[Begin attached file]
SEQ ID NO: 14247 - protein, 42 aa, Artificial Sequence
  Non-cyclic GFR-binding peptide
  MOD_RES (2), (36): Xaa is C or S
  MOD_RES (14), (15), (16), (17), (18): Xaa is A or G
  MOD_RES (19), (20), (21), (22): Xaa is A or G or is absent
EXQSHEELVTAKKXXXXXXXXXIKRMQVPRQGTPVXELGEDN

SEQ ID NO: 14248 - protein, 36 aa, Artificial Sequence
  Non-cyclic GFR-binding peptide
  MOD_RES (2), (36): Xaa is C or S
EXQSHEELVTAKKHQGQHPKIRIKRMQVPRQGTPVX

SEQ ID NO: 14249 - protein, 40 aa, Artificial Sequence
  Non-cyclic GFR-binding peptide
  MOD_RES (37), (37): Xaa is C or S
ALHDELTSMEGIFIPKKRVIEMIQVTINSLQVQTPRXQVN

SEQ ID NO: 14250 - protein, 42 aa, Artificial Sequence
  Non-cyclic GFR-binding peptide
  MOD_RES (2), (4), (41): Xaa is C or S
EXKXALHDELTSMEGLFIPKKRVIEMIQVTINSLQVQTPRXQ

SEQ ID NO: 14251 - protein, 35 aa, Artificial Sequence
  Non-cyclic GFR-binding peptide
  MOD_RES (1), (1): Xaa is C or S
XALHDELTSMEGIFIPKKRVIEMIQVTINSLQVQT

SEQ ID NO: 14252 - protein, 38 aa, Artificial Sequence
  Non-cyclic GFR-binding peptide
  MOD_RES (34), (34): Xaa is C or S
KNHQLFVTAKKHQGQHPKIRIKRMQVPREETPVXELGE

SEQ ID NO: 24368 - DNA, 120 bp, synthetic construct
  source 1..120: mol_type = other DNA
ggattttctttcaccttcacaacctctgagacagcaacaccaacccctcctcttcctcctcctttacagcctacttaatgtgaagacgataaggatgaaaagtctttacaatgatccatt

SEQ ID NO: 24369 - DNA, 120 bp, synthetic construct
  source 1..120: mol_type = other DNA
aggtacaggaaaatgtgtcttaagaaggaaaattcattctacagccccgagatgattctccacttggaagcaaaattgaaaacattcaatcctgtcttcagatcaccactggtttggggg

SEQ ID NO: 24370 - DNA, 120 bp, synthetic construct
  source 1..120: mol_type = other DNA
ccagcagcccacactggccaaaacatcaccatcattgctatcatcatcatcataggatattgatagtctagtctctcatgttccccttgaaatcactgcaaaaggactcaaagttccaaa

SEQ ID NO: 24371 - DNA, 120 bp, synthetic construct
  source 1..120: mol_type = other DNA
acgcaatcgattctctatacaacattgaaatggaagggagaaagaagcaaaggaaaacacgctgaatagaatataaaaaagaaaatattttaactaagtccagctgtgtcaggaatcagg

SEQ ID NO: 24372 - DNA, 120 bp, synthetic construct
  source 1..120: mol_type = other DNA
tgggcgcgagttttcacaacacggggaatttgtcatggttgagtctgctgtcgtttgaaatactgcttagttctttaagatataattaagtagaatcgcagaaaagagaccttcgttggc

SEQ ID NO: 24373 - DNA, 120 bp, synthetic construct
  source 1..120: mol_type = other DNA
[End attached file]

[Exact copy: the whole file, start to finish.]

SEQ ID NO: 14247 - protein, 42 aa, Artificial Sequence
  Non-cyclic GFR-binding peptide
  MOD_RES (2), (36): Xaa is C or S
  MOD_RES (14), (15), (16), (17), (18): Xaa is A or G
  MOD_RES (19), (20), (21), (22): Xaa is A or G or is absent
EXQSHEELVTAKKXXXXXXXXXIKRMQVPRQGTPVXELGEDN

SEQ ID NO: 14248 - protein, 36 aa, Artificial Sequence
  Non-cyclic GFR-binding peptide
  MOD_RES (2), (36): Xaa is C or S
EXQSHEELVTAKKHQGQHPKIRIKRMQVPRQGTPVX

SEQ ID NO: 14249 - protein, 40 aa, Artificial Sequence
  Non-cyclic GFR-binding peptide
  MOD_RES (37), (37): Xaa is C or S
ALHDELTSMEGIFIPKKRVIEMIQVTINSLQVQTPRXQVN

SEQ ID NO: 14250 - protein, 42 aa, Artificial Sequence
  Non-cyclic GFR-binding peptide
  MOD_RES (2), (4), (41): Xaa is C or S
EXKXALHDELTSMEGLFIPKKRVIEMIQVTINSLQVQTPRXQ

SEQ ID NO: 14251 - protein, 35 aa, Artificial Sequence
  Non-cyclic GFR-binding peptide
  MOD_RES (1), (1): Xaa is C or S
XALHDELTSMEGIFIPKKRVIEMIQVTINSLQVQT

SEQ ID NO: 14252 - protein, 38 aa, Artificial Sequence
  Non-cyclic GFR-binding peptide
  MOD_RES (34), (34): Xaa is C or S
KNHQLFVTAKKHQGQHPKIRIKRMQVPREETPVXELGE

SEQ ID NO: 24368 - DNA, 120 bp, synthetic construct
  source 1..120: mol_type = other DNA
ggattttctttcaccttcacaacctctgagacagcaacaccaacccctcctcttcctcctcctttacagcctacttaatgtgaagacgataaggatgaaaagtctttacaatgatccatt

SEQ ID NO: 24369 - DNA, 120 bp, synthetic construct
  source 1..120: mol_type = other DNA
aggtacaggaaaatgtgtcttaagaaggaaaattcattctacagccccgagatgattctccacttggaagcaaaattgaaaacattcaatcctgtcttcagatcaccactggtttggggg

SEQ ID NO: 24370 - DNA, 120 bp, synthetic construct
  source 1..120: mol_type = other DNA
ccagcagcccacactggccaaaacatcaccatcattgctatcatcatcatcataggatattgatagtctagtctctcatgttccccttgaaatcactgcaaaaggactcaaagttccaaa

SEQ ID NO: 24371 - DNA, 120 bp, synthetic construct
  source 1..120: mol_type = other DNA
acgcaatcgattctctatacaacattgaaatggaagggagaaagaagcaaaggaaaacacgctgaatagaatataaaaaagaaaatattttaactaagtccagctgtgtcaggaatcagg

SEQ ID NO: 24372 - DNA, 120 bp, synthetic construct
  source 1..120: mol_type = other DNA
tgggcgcgagttttcacaacacggggaatttgtcatggttgagtctgctgtcgtttgaaatactgcttagttctttaagatataattaagtagaatcgcagaaaagagaccttcgttggc

SEQ ID NO: 24373 - DNA, 120 bp, synthetic construct
  source 1..120: mol_type = other DNA